Immigration

Immigraton in the U.S.

While immigration has played an important role in the building
and formation of America, new federal laws have resulted in mass
immigration. “America was primarily founded on immigrants,
however, immigration must be controlled legally, and immigrants
should be treated equally despite what country they come from.
America has the most liberal laws towards immigrants than any other
country.” Luis Barker, Chief Patrol Agent In-Charge, US Border Patrol,
El Paso, TX. Throughout history, Congress has enacted laws and has
had to amend them to control the flow of both legal and illegal
migration to the United States.

In 1948, legislation was first enacted in an effort to control the
number of applicants fleeing persecution; it permitted 205,000
refugees to enter the United States. In 1952, Congress set in place
major regulations setting parameters and quotas mostly for the
eastern hemisphere and leaving the western hemisphere unrestricted.
In 1953, congress was again faced with having to increase the
number of refugees from 205,000 to 415,000. In order to qualify as a
refugee one must have a well founded fear of persecution, not be
firmly resettled in a third country, and must not be an aggravated
felon. In 1965, the national origin’s quota system was abolished but
still maintained was the principle of numerical by establishing
170,000 hemispheric and 20,000 per country ceilings and a seven
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category preference system. This system included the spouses of
lawful resident aliens, brother and sisters of United States citizens,
skilled and unskilled workers. To present date spouses and minor
children of US citizens are exempt any quota system. In 1980, the
refugee act removed them from the preference category and
established clear criteria and procedures for their admission. In
1986, Congress was faced with yet another national crisis which it
attempted to resolve by enacting the Immigration Reform and Control
Act (IRCA). IRCA was considered to be the most comprehensive act
which was to grant amnesty to those who had resided in the US
illegally since January 1, 1982, (2) created sanctions against persons
and companies that hired illegal aliens, (3) created the a new
classification of temporary agriculture and granted amnesty to such
workers, (4) created a new visa waiver pilot program (VWPP) allowing
the admission of certain non-immigrants without visas, (4) created
legislature for conditional status for those couples whose marriage is
less than two years prior to immigrating to the US. Under IRCA 2.7
illegal aliens mostly from Mexico were given legal immigrant status.
These new laws opened the door to the longest and largest wave of
immigration ever-27 million since 1965, including illegal entries.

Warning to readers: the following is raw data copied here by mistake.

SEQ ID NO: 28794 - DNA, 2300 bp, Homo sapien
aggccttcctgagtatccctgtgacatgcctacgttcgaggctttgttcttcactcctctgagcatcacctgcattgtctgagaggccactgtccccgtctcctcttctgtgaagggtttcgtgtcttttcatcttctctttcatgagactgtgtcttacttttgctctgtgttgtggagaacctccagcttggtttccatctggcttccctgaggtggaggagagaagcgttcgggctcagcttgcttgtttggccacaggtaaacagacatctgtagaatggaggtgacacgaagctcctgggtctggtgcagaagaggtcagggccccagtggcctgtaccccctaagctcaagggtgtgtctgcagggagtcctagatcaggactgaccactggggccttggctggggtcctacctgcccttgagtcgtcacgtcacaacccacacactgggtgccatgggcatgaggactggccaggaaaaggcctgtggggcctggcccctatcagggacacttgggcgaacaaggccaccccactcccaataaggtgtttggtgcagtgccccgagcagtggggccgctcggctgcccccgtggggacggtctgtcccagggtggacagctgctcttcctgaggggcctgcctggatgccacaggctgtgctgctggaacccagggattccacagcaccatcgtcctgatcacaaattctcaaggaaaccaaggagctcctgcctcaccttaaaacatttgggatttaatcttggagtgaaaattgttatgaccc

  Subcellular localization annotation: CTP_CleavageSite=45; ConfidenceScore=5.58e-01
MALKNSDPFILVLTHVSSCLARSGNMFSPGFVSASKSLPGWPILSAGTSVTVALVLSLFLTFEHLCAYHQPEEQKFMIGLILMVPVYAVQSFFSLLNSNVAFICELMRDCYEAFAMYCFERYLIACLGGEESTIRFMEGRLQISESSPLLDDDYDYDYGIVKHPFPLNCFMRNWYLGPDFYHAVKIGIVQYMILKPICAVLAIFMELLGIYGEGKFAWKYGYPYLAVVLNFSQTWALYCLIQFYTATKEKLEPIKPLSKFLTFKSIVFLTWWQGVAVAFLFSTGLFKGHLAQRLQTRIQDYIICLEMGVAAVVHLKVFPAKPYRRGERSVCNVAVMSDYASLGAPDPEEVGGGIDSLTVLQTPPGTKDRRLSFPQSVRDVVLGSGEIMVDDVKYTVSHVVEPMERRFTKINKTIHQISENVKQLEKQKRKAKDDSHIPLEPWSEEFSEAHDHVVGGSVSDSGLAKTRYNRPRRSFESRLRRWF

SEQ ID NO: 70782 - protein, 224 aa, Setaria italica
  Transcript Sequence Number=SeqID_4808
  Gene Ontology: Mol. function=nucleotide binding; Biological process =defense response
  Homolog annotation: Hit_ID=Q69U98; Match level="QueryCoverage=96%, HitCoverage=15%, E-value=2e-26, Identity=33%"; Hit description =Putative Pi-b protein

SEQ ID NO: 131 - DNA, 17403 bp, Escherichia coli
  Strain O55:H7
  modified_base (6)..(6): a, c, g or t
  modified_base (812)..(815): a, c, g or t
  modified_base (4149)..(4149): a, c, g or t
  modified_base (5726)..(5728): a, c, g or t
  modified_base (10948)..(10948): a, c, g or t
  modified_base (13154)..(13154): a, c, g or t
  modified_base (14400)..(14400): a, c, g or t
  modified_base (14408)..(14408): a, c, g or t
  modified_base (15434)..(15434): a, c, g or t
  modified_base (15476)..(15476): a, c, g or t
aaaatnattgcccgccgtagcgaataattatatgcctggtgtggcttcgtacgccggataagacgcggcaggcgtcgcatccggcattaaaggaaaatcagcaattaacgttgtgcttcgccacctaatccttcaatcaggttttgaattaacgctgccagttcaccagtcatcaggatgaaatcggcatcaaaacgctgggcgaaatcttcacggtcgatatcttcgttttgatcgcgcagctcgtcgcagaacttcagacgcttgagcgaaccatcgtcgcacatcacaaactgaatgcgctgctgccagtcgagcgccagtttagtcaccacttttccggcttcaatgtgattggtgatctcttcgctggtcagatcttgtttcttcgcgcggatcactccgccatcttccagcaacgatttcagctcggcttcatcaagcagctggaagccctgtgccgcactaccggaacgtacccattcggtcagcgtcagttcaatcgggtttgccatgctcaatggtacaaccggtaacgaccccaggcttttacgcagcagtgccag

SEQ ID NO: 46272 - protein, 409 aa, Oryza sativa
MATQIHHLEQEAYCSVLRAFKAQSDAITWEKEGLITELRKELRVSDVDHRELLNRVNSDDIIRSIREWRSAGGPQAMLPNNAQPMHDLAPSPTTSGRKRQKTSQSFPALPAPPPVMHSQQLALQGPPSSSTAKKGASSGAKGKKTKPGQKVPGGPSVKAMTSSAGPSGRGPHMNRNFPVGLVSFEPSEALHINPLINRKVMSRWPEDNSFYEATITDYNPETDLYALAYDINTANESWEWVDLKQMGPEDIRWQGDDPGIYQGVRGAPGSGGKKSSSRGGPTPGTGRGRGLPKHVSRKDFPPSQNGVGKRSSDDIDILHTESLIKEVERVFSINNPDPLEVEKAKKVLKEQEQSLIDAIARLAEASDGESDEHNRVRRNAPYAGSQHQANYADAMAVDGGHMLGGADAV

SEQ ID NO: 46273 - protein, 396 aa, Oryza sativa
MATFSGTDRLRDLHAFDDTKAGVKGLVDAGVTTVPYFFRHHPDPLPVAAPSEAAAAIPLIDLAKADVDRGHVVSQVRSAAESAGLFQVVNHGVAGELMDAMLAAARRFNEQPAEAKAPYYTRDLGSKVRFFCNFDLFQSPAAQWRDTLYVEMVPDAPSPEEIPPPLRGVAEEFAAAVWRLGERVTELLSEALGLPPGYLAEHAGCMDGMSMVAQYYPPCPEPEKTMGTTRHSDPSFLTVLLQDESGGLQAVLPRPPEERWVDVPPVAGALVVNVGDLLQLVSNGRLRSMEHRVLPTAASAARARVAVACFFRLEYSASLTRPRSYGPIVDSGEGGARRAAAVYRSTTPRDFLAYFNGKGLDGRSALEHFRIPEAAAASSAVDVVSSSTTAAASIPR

The visa waiver pilot program (VWPP) is designed to extend
reciprocity to the countries that permit US citizens to visit their
countries without the need of a tourist visa. To date a total of
twenty-nine countries are signatory to the treaty. In order to qualify,
countries must have a low rate of non-immigrant overstays to the US,
and must have state of the art machine readable passports.
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Prior to the enactment of IRCA, marriage fraud between
non-citizens and US citizens was rampant and out of control.
Measures were put in place to reduce this by requiring couples to
submit proof to INS. This proof must show that the couple has been
living together and submitted ninety days prior to the second
anniversary. If the couple fails to establish that the marriage is valid,
the non-citizen will not become a lawful permanent resident and will
be faced with and order of deportation. The only exception, is that
the non-citizen cannot be the subject of spousal abuse and be
expected to remain in the marriage for the two years.
After almost thirteen years, Congress and the United States
citizens have had the misfortune of reflecting on the blunders of the
Immigration Reform Act of 1986(IRCA). The amnesty permanently
added millions of poor people to our society. A study done by the
Immigration and Naturalization Service (INS) showed that after ten
years in the United States, the average amnestied illegal alien had
only a seventh grade education and an annual salary of less than
$9,000 a year. The cost of amnesty to the American taxpayer is
unbelievable. According to a recent study by the Center for American
studies, the total net cost of amnesty after ten years comes to over
$78 billion dollars. An amnesty sends the message that it’s okay to
break the law. Eventually, it says, you will be forgiven, even
rewarded for doing so. Further-more, it makes a mockery of the legal
immigration process, where-in those who obey the rules, wait years to
immigrate. Their is a list of 3.6 million